In a session at SMC³’s annual Connections conference about the future of transportation industry demographics, speakers said existing leadership has to be ready to embrace these pools of potential workers.
“There are still men who get upset when they see a 98-pound woman getting out of a big rig,” said Ellen Voie, president and chief operating officer of Women in Trucking, an organization that advocates for more opportunities for women as drivers. “It’s about creating awareness inside the trucking industry. Why do you not have a female restroom in the terminal? Why are you using a woman in a short skirt for your recruitment ads?”
Voie said women currently make up 14 percent of management in the transportation industry.
“Women don’t think about being the only woman in the room because they don’t even notice it anymore, they’re so used to it,” she said.
“In the ‘70s and ‘80s you had 'Smokey and the Bandit' and 'BJ and the Bear,' but it’s not seen as a sexy industry these days,” Reid said. “Consumers see trucks rolling down highways, but they don’t pay attention to the industry. We need more awareness on the industry in general, not just with minorities. We need to rebrand the industry.”
Reid said his organization provides education and training, particularly to small companies that need help understanding the entrepreneurial aspects of trucking. Its outreach is becoming more focused on younger groups, with programs targeting the importance of transportation at the high school and university level.
Speakers said the key is that potential recruits to the trucking industry are often lost between ages 18 and 21, when they are swayed by other competing industries.
“Any industry where leadership is covered by one type of person, like women in nursing, change requires participation by current leadership,” said Dana Hook, vice president with the consultant CDM Smith and past chairman of the Women’s Transportation Seminar. “Do you as a company benefit from a diversity of workers? Or in this case, there aren’t even enough workers. If we only look at men to provide those needs, won’t be able to handle it as an industry. We have to have men saying, this is a good thing, we need to make it happen.”
Large fleets have 95 to 110 percent turnover on average, while smaller fleets are seeing turnover creep to nearly 100 percent as well, as larger fleets poach their drivers.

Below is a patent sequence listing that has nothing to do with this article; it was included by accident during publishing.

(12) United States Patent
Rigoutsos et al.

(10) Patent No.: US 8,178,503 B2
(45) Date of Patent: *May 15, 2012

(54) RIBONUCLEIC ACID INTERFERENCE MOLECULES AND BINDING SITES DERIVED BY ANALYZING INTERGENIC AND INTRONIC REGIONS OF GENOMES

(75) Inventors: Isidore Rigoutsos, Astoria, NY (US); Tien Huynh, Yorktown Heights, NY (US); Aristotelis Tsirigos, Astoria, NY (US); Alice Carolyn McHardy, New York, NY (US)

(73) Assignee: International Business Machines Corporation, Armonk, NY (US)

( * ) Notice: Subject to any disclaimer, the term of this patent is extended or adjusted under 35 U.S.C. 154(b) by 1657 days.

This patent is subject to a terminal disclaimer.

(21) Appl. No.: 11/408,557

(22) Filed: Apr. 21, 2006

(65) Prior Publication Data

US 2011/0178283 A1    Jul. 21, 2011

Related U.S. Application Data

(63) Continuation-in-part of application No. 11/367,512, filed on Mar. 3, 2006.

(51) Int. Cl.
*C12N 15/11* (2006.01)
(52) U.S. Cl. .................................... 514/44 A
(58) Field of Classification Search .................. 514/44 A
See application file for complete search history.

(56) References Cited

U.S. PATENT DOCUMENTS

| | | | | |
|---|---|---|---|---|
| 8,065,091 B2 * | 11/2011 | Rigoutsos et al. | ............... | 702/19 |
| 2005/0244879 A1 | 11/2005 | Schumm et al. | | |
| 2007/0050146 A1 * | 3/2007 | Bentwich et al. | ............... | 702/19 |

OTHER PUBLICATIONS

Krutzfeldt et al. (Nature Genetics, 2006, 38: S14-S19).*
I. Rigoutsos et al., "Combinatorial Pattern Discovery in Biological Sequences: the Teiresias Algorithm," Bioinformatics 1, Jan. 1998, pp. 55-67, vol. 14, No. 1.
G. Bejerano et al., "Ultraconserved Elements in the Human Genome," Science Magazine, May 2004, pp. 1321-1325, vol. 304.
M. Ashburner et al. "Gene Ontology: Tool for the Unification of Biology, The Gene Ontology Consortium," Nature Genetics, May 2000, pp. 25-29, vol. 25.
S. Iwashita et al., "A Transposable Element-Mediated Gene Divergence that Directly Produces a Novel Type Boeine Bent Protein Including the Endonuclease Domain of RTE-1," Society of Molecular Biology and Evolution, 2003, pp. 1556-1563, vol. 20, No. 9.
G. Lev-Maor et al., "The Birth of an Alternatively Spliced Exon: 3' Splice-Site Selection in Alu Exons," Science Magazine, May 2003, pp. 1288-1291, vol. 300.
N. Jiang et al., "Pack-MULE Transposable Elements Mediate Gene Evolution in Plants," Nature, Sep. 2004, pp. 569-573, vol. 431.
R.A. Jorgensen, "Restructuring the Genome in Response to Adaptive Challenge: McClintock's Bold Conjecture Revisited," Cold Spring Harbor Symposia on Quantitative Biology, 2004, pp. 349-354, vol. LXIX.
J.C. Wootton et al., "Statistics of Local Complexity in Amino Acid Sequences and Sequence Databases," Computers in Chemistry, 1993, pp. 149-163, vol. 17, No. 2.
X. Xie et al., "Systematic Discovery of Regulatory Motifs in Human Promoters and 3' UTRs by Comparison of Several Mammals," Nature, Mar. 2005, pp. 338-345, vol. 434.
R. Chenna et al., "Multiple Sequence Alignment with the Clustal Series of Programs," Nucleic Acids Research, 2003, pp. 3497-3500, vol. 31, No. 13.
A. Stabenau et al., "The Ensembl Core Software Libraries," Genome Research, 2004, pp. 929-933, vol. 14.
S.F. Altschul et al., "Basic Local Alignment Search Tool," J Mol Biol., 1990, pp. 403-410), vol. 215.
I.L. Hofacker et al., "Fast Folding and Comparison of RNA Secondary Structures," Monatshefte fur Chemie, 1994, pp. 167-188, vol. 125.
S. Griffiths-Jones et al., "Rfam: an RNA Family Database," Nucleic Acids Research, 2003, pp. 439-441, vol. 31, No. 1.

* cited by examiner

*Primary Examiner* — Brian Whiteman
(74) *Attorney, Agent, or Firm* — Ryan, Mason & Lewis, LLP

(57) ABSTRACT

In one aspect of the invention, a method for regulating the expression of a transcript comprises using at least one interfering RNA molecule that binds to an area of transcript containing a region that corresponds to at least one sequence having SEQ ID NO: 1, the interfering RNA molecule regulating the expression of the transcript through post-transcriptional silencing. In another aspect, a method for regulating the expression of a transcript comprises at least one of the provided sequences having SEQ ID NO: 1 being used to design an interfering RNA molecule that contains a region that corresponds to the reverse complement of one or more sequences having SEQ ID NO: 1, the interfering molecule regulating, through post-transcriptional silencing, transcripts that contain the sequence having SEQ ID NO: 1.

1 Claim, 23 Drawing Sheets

“Turnover is no longer just a large trucking company problem,” said Siplon. “It’s become a small business problem.”
Siplon said some carriers build their model on constant churn, while others see value in retaining a higher proportion of their drivers to avoid the costs of recruitment and training, even if compensation and other retention costs are higher.
Voie added that women can help fill capacity shortfalls for carriers if the traditional rules surrounding driver recruitment can be adapted to include them.
Hook said another factor to consider is the millennial workforce.
“Milennials aren’t going to like the idea of being ‘owned’ for this certain time of the day,” she said. “They don’t like offices. They like flexibility. That’s not necessarily going to appeal to truckers in the current structure. Is there technology available to connect you with more drivers when you need them? Can we in transportation look to flexibility of uber-type technology to bring different people to be a part of the supply chain?”
Meanwhile, Reid said organizations like the three that gathered this week need to work together on initiatives to drive younger people into the industry across all demographic categories.
“Everyone in the industry is fishing in the same pond,” he said. “No one organization can individually do it. We need a grass roots movement.”